Wednesday, September 11, 2013

Lest we forget

Some people may think that the Americans being over-sentimental and over-dramatic make too big a deal about their tragedies. When I was in Epcot on December 7, the family wondered if some important American had died and that was why the flags were flown at half mast. I said it wasn't and it was to commemorate Pearl Harbour. The reaction to that was a great amount of eye-rolling about how the Americans were over-dramatic.


But at the same time, I was very awed to see the flag flown at half mast. My mother was born on December 7 she was 2 that day. It was helluva 2nd birthday in Singapore because it also heralded the attack on Singapore.

I felt the same way when I was at the 9 11 Memorial.

I remember the cold autumn night when I was watching television and the news cut in to announce that a plane had flown into one of the World Trade Centre towers. The television show I was watching was cut short and for the rest of the night, we watched the news not knowing that we were watching what would be a defining moment in the world and our lives.

No immediate friends or family died. But we had had visiting faculty from the USA who had returned to the USA and one of them, together with her daughter was on the flight that hit the South Tower. No one could work the next day and television only resumed a semblance of normal programming the next evening.

It's been more than a decade on. And the horror that I felt that night, actually wondering whether the world would go to war and Packrat would be called back from reserves and whether we would actually have a Singapore to return to at year end as well as more comically, if war was declared, would I have to finish my dissertations?

There were many things that moved me about the 911 Memorial.

1. How big the memorial pools were. The memorial pools are in the exact footprints of where the towers were. And it made me think about how large the craters were on that day and how many people died and how much rubble and debris had filled the craters that size.

2. Every single victim was named. And some of them had, after their names who they were; the first responder policemen or firefighters who did not know that they were running into buildings that were about to collapse.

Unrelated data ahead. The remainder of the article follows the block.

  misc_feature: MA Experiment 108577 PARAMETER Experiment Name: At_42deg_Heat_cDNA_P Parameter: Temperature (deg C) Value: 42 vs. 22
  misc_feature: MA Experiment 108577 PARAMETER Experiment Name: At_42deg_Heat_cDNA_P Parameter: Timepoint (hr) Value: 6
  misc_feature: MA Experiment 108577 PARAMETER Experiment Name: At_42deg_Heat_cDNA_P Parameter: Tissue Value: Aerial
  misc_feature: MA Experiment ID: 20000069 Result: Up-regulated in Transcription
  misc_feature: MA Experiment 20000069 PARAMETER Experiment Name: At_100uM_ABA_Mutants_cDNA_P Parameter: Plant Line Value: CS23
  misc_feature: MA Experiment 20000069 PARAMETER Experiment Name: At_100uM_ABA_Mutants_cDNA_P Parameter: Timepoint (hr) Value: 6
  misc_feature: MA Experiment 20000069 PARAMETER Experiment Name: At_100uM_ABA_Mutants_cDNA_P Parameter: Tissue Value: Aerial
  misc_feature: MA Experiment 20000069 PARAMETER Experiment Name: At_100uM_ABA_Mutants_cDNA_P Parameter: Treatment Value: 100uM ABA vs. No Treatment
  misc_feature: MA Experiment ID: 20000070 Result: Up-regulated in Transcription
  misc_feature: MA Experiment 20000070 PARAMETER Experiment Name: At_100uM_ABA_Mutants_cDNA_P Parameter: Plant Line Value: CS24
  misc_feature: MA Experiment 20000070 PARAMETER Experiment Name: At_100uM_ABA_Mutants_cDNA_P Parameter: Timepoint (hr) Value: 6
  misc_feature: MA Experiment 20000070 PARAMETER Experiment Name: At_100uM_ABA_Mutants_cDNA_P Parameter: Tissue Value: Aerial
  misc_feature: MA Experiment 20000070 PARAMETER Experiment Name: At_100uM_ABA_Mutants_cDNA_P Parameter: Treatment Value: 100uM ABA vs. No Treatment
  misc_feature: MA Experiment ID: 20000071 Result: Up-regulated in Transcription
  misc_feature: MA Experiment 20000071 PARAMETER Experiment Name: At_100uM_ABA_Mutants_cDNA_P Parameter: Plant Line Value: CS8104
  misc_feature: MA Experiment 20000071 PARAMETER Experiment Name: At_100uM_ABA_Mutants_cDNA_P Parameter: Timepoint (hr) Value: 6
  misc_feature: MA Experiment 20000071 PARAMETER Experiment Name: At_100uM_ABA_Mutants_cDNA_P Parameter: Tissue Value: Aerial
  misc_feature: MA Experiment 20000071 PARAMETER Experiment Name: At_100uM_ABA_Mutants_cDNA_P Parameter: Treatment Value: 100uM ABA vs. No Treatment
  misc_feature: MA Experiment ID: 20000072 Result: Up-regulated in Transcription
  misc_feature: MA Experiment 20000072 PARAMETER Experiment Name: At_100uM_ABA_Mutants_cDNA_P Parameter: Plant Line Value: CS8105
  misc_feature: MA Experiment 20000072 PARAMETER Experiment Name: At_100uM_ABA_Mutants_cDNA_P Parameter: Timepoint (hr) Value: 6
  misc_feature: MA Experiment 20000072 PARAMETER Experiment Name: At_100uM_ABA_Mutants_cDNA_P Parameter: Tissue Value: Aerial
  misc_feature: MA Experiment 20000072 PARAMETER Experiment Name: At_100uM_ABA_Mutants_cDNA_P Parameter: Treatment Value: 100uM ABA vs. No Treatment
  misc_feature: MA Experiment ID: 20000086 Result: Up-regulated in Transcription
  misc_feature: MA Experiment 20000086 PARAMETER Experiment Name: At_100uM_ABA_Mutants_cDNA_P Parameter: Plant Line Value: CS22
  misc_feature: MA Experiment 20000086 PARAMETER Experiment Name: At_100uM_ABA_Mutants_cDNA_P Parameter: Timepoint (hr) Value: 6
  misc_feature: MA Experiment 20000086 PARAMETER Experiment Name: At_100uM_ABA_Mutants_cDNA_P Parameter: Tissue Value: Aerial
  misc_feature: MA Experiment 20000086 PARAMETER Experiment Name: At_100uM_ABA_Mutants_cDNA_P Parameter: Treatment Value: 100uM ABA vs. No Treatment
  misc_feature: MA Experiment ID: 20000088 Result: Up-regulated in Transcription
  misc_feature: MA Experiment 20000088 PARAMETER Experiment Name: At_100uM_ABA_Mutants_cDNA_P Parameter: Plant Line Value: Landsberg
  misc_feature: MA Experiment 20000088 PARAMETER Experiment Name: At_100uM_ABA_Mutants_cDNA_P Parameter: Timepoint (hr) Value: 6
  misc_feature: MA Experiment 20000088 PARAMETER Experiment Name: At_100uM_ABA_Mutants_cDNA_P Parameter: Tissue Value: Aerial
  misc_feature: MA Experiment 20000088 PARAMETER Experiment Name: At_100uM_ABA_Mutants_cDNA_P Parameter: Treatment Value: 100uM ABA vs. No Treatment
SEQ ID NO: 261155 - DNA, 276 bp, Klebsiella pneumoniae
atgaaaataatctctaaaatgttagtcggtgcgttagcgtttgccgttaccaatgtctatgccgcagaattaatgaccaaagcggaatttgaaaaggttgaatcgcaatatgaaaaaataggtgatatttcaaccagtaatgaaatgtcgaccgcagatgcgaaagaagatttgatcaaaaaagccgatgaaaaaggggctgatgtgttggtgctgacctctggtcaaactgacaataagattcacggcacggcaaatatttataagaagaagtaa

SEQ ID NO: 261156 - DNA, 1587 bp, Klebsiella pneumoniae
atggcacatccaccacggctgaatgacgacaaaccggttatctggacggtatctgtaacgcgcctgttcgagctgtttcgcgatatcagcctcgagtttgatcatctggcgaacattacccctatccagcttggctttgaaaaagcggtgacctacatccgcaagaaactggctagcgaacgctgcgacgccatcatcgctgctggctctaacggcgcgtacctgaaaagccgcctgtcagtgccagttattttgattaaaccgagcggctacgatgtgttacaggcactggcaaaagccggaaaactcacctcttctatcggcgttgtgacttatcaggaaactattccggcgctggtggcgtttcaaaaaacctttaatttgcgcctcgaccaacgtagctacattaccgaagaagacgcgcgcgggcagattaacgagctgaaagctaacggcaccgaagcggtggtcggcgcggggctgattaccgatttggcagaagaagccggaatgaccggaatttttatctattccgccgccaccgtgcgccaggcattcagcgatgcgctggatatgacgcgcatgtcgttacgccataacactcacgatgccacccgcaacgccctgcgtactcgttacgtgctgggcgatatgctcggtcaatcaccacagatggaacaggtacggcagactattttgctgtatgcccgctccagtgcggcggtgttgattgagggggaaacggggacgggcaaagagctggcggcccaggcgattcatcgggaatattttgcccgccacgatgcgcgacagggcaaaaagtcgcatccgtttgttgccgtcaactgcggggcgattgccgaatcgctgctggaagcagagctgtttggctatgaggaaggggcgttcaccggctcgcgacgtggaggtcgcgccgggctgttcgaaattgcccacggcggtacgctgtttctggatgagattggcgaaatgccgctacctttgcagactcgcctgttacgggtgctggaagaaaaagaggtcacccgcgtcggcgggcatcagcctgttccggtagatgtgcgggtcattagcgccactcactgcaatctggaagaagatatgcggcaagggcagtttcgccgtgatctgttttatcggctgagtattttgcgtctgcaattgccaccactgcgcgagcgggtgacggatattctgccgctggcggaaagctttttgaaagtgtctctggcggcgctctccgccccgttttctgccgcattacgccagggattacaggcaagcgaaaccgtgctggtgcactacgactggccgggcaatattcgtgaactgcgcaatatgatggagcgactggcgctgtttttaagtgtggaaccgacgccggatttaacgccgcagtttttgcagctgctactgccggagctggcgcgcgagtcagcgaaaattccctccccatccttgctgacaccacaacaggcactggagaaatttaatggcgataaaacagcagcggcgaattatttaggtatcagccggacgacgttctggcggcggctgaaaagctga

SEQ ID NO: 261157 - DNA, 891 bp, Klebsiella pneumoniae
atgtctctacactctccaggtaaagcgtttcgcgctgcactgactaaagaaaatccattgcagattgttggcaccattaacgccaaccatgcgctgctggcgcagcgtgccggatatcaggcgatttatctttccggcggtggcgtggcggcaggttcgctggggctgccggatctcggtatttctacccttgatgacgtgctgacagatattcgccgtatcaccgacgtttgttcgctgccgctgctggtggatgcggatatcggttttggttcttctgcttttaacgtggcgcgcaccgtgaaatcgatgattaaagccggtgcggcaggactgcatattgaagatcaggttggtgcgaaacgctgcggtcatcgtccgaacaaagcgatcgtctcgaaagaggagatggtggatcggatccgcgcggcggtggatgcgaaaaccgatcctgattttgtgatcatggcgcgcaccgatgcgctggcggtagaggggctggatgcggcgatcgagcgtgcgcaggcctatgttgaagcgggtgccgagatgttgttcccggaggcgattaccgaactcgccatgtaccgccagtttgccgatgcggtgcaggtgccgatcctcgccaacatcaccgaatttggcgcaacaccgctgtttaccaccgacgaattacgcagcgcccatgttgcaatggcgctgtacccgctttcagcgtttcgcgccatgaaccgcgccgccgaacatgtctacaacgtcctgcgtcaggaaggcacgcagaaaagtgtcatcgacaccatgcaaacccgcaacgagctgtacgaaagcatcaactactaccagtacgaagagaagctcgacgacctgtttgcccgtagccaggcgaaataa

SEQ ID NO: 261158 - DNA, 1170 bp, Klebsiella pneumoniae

3. The thoughtfulness that went behind the memorial. Yes, light shoots out from the second crater in the fountain every night as an example of an electric eternal flame of sorts but what touched me was how every single name was hollowed out so that family members or the public who want to honour the dead by placing flowers could do so by placing the flowers in their names.


4. The new Freedom Towers are still being built. National memory and the economy are tightly interlinked.

5. There were two thousand over people who perished that day and 7 buildings collapsed not counting those who died elsewhere that day. The debris and the toxic gases remained over New York for months after. Amidst of that debris, a tree was found. And that tree was then taken to a botany clinic and actually revived. It now stands proudly in the middle of the 911 memorial and is known as the Survivor Tree.

I remarked to my brother that as a mark of respect and honour that the memorial should actually be closed on 911 itself so that families could visit it without the gawking eyes of visitors and onlookers. 

It is hard not to be overawed. But it is also easy to forget tragedy. When I was there, I remembered, it was September 11 2001 that I had decided that I needed to become a teacher. I had forgotten that, and much much more.
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  1. it's hard to believe that so many years have passed since that day.. but the memories still live strong and I think should not be forgotten even for years to come. thanks for sharing your thoughts on this.

    Ai @ Sakura Haruka